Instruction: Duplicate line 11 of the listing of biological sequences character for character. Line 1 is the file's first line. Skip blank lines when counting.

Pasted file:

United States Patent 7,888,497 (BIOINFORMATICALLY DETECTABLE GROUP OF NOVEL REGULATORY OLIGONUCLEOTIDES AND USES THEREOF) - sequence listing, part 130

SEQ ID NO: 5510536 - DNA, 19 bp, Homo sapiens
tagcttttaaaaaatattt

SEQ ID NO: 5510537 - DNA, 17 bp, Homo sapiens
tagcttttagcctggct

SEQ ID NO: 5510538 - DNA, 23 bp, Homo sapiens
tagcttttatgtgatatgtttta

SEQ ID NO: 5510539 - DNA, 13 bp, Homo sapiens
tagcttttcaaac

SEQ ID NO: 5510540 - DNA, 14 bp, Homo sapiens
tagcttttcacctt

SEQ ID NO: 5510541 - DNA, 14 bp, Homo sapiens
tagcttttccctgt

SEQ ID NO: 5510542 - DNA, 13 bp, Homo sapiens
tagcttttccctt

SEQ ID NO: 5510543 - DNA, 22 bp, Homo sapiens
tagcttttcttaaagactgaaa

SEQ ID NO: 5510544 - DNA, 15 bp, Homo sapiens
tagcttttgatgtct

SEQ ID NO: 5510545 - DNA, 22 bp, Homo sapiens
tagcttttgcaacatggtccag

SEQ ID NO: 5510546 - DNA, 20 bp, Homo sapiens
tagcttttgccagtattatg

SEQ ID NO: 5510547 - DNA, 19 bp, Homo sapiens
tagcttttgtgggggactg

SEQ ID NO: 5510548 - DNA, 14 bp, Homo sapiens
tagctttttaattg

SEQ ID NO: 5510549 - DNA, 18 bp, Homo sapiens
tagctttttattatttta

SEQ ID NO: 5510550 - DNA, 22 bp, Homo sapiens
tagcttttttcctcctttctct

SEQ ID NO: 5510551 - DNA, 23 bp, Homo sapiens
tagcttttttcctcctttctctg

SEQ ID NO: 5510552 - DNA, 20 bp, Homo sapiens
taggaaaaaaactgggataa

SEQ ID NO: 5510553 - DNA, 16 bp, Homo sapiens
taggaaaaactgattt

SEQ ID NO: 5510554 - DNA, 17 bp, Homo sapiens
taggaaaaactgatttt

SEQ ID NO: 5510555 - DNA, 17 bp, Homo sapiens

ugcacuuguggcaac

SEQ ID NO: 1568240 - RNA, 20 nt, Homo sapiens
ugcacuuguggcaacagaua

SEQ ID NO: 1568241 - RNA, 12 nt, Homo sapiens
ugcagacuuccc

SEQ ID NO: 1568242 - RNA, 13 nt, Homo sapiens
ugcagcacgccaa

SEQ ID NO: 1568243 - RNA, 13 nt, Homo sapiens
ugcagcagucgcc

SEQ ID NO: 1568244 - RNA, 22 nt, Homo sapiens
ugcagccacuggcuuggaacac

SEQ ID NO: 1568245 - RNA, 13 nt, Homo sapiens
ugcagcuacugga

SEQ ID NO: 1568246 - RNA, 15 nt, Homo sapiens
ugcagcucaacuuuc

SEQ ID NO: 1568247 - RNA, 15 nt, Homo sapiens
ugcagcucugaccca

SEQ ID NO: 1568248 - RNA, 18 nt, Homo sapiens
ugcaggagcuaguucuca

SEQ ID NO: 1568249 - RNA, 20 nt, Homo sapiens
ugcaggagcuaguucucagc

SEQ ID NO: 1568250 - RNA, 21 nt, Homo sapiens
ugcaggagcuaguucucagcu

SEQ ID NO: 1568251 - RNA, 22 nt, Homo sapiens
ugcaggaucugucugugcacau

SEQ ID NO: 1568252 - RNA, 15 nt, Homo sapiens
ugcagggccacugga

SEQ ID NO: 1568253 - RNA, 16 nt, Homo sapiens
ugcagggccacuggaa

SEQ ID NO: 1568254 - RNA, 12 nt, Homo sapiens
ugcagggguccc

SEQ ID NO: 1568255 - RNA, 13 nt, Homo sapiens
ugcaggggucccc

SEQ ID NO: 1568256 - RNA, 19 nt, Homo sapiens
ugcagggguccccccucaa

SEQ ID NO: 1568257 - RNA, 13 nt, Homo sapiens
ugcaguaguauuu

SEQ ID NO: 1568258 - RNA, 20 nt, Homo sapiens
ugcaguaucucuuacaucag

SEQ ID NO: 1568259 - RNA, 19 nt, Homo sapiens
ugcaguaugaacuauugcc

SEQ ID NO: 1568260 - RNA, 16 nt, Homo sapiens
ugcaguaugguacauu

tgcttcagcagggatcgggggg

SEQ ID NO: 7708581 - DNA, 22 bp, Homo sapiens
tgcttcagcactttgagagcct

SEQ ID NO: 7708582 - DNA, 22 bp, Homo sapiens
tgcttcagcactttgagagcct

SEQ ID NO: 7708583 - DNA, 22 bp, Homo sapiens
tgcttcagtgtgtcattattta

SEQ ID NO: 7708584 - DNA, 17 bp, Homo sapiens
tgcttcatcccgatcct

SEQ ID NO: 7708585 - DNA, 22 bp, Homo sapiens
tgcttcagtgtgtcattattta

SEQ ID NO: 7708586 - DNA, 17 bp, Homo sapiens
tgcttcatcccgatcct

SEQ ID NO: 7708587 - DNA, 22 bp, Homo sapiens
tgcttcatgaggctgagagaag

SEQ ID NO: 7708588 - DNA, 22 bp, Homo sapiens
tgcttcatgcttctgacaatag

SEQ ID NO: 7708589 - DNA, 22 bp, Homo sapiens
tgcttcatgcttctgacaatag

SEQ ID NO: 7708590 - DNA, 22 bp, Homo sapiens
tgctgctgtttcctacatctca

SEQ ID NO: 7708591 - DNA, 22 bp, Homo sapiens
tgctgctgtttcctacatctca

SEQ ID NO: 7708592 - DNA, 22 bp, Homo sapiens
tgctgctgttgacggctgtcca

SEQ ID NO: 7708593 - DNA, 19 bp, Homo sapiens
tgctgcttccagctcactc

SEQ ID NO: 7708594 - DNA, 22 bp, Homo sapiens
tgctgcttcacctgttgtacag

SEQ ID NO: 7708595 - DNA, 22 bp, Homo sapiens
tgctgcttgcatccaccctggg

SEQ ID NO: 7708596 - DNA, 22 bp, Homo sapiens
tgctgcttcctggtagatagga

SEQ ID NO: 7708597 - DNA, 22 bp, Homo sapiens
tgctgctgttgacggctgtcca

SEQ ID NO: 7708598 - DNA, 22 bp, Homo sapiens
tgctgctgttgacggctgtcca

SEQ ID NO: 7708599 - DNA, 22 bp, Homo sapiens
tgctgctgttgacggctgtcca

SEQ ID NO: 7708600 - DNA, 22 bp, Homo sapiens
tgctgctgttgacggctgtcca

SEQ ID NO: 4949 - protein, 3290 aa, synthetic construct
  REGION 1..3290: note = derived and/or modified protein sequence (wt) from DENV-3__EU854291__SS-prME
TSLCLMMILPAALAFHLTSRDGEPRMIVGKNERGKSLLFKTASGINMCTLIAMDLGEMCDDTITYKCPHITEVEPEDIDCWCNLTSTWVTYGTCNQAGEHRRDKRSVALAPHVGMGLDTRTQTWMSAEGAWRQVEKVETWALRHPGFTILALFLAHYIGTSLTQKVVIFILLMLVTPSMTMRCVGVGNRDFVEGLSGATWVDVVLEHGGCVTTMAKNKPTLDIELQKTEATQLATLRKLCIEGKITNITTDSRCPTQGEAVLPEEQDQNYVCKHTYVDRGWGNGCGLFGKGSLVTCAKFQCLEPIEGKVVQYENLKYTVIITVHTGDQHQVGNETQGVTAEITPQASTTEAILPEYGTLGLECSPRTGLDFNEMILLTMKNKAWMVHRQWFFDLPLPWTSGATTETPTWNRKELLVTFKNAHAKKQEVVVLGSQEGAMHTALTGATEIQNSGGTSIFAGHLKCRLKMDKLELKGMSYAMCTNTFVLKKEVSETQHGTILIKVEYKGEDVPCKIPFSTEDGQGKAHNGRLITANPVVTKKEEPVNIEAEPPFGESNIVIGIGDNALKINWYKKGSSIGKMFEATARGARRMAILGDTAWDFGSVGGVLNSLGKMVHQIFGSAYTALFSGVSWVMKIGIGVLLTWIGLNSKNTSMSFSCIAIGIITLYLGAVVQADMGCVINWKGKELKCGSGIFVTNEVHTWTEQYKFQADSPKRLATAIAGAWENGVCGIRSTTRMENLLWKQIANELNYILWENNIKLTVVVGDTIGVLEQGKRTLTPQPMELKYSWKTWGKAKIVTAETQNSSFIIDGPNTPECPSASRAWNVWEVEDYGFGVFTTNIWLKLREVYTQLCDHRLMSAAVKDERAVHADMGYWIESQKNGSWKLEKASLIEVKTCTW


tagcttttcacctt